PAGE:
Tickets for the production are now on sale for performances up to and including 11 February 2017. Dean... Read more...
7th Apr 2013 8:53am | By Louise Kingsley
Perennial fictional favourites Alice in Wonderland and Peter Pan live on in adult minds long after childhood is a distant memory.
But what about the youngsters who originally inspired their magical tales of adventure, conceived respectively by Charles Lutwidge Dodgson (better known as Lewis Carroll) and J.M. Barrie, both of whom nurtured close relationships with young children?
In 1932, the centennial of Carroll’s birth, Alice Liddell Hargreaves and 35 year old publisher Peter Llewelyn Davies really did meet, when shortage of funds compelled Alice, by then an octogenarian widow, to sell her original manuscript.
It’s this meeting which forms the starting point for John Logan’s 90 minute new play, which brings together Skyfall stars Judi Dench and Ben Whishaw (both on excellent form – with Dench conjuring a childlike wonderment as she remembers her girlhood talks with Nicholas Farrell’s stuttering Dodgson and Whishaw troubled and wounded by too much family tragedy).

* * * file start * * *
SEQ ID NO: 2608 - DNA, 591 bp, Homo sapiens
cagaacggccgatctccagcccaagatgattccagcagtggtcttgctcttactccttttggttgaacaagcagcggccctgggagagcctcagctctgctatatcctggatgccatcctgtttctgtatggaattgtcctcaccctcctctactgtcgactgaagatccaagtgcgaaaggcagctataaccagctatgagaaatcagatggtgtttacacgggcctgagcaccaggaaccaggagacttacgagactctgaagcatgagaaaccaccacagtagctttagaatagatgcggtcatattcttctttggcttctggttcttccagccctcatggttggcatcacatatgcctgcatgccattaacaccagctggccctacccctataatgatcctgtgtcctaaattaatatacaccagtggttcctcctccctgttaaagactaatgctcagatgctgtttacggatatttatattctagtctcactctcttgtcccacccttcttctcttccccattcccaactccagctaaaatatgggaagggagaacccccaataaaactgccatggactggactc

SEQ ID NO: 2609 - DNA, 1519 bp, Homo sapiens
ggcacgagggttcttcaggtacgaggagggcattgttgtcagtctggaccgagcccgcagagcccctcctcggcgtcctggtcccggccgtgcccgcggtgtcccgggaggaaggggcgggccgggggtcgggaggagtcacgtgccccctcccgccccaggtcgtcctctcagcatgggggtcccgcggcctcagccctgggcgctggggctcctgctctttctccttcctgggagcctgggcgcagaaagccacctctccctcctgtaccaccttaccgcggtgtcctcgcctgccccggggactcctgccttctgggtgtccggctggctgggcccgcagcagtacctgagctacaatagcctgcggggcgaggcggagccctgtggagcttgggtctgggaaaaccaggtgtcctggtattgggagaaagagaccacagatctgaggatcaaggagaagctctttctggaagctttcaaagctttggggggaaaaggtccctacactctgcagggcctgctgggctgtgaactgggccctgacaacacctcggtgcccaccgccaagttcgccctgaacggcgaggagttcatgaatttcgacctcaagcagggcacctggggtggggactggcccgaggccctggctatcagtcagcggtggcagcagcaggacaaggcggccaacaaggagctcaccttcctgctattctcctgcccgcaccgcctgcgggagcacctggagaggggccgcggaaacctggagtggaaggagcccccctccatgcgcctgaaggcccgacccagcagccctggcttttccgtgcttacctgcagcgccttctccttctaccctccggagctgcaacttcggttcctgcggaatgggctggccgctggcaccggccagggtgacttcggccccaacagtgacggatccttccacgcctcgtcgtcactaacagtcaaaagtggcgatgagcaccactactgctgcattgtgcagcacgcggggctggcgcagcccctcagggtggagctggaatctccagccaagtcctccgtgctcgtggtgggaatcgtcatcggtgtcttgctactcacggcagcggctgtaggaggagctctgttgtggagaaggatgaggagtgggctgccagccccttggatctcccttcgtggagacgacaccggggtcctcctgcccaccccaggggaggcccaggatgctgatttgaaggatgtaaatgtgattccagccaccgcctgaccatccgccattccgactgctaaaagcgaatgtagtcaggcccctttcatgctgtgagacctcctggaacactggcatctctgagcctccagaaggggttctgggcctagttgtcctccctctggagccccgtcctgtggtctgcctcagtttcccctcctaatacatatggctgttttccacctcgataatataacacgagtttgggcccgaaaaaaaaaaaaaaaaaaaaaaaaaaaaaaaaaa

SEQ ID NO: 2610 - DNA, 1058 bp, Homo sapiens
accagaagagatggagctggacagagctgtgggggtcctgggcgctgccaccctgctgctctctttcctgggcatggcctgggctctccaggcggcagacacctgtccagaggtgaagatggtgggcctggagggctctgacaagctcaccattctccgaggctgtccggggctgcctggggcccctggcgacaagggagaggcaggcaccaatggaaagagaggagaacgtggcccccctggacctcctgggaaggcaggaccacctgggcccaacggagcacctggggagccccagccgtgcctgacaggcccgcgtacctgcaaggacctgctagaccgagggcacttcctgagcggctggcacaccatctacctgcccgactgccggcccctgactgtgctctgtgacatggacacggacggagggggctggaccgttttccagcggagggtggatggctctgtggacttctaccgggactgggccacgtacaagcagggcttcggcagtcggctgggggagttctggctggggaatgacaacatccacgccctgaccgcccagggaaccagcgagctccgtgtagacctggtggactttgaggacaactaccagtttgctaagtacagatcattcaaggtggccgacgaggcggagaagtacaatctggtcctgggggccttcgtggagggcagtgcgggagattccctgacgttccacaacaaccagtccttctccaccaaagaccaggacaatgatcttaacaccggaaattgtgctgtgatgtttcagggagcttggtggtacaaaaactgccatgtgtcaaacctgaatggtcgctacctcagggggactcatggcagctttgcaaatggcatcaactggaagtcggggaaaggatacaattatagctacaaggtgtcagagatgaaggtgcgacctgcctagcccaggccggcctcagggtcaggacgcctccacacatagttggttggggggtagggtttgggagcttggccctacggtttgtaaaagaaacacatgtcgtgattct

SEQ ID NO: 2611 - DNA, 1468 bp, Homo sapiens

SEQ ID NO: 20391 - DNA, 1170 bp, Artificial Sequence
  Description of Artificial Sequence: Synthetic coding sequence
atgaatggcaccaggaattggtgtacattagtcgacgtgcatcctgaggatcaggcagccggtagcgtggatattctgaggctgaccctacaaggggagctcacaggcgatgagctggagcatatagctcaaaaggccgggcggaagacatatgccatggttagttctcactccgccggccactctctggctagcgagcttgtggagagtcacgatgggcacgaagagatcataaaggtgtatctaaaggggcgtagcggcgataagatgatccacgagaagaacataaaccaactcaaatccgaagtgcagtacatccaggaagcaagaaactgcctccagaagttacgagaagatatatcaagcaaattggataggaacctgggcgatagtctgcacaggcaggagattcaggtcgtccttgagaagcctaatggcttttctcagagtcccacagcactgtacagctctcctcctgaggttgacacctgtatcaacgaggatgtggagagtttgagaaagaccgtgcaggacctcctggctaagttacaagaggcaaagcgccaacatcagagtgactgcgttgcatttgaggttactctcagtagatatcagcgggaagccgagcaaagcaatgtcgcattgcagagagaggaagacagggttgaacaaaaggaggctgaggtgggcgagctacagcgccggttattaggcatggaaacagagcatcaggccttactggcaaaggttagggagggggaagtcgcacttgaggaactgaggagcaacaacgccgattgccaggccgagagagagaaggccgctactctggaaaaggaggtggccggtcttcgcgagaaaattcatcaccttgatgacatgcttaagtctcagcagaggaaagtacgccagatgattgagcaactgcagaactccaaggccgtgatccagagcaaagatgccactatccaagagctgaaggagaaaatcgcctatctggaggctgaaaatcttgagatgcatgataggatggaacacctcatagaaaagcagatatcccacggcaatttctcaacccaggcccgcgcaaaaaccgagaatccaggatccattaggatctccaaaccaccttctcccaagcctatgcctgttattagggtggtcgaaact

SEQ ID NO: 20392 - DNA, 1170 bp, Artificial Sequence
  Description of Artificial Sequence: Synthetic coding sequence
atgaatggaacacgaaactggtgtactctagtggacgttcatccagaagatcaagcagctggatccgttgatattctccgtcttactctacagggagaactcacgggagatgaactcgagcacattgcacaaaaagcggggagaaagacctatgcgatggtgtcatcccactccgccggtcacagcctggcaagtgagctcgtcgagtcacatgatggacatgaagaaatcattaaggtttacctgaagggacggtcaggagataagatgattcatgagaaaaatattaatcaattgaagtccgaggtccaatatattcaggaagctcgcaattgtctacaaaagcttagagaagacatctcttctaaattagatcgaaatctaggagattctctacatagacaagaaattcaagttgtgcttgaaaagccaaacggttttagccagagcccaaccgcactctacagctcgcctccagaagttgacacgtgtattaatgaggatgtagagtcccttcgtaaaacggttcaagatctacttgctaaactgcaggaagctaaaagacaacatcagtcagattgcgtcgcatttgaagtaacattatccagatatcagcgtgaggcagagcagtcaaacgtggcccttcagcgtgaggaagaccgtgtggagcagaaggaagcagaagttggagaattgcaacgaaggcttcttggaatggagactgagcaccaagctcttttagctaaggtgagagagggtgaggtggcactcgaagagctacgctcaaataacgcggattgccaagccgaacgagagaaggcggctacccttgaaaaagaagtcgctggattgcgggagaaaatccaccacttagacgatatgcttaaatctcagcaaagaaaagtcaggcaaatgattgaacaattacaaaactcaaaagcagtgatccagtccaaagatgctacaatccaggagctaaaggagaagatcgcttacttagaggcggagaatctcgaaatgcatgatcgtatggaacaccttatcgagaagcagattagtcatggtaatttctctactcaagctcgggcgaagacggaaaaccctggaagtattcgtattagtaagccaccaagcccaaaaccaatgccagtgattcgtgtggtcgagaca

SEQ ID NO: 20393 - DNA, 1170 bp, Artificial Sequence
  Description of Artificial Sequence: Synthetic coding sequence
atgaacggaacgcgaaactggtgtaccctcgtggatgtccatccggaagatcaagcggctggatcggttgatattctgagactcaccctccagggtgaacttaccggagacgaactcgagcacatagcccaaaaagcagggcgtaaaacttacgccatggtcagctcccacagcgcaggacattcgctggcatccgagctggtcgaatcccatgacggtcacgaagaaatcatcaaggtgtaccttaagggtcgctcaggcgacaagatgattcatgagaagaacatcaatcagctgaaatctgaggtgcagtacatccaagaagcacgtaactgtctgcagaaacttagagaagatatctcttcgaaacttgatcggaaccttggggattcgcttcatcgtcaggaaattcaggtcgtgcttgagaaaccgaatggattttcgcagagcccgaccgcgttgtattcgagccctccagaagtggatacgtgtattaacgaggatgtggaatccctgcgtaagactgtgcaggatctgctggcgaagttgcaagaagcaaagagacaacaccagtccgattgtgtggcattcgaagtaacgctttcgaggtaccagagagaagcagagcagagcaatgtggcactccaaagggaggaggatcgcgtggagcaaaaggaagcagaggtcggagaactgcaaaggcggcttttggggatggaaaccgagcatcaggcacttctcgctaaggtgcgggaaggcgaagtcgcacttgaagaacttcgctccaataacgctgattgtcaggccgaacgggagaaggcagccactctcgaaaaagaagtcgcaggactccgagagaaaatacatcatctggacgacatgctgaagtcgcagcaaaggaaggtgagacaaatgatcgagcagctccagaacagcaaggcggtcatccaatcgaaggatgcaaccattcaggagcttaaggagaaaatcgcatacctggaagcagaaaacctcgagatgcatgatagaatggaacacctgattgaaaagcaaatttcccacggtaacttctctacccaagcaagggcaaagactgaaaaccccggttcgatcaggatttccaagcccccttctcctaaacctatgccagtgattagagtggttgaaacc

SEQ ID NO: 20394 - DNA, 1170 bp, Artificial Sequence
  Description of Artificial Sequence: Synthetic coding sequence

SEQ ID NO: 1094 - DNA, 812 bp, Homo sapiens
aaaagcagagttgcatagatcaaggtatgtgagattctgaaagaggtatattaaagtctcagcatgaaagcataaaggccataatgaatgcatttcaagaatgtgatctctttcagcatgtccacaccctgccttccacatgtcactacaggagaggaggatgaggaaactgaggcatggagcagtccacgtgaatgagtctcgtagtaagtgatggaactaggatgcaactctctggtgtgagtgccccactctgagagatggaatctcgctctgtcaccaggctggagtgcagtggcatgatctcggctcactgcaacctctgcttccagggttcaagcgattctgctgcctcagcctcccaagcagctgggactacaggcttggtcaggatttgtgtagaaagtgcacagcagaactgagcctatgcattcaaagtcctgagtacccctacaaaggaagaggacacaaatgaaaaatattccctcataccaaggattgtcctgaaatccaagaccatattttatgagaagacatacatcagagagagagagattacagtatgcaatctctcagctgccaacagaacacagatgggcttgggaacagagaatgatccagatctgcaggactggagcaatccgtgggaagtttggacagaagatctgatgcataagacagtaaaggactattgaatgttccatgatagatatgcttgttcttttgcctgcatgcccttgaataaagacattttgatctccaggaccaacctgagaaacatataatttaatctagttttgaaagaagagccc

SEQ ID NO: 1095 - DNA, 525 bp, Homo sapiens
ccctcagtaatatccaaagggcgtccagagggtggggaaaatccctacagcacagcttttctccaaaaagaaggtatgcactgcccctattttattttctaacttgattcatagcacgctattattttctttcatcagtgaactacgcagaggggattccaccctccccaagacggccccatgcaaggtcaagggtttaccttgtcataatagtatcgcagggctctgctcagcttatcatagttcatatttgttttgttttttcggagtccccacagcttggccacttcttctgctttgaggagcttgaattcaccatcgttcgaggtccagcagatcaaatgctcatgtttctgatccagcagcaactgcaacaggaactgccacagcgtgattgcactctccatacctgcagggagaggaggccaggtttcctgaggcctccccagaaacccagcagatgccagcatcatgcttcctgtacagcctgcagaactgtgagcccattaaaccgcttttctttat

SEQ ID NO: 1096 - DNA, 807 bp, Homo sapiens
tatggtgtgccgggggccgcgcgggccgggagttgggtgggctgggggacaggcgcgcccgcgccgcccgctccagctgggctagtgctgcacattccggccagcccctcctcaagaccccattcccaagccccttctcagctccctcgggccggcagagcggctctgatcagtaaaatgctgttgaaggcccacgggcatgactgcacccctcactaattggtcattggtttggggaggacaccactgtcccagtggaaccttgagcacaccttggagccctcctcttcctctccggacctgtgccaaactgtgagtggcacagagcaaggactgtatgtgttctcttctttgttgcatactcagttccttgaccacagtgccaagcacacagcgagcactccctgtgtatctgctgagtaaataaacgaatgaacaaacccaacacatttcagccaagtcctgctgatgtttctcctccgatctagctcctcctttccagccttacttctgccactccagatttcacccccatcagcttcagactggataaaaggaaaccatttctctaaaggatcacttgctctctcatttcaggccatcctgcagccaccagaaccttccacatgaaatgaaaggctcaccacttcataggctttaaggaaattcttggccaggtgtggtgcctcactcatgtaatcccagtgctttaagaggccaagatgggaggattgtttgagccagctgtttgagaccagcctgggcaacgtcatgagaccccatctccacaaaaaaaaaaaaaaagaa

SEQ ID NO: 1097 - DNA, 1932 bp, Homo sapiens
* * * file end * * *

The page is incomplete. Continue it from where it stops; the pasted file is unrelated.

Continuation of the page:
It raises questions about the legacy of fame, the pain and pleasures of growing up, the true nature of the unusual friendships, but does so in a frequently overwritten and heavy handed manner as it intermingles real events in their lives with sections of the writings which immortalised and (almost certainly in the case of Peter) damaged them.
Christopher Oram’s dingy store room set lifts to reveal a beguilingly bright toy theatre which encompasses various layers of fantasy as Peter and Alice, their fictional selves and their literary creators mix factual snippets with fiction.
But, although Logan’s concept is intriguing, the Skyfall scriptwriter should be very grateful for the depth that the film’s M and Q bring to their performances in what would otherwise be a rather mundane exercise.
Noel Coward, St. Martin’s Lane, WC2N 4AU
Tube | Leicester Square
Until 1 June
£10.00 - £57.50
Photo: Johan Persson
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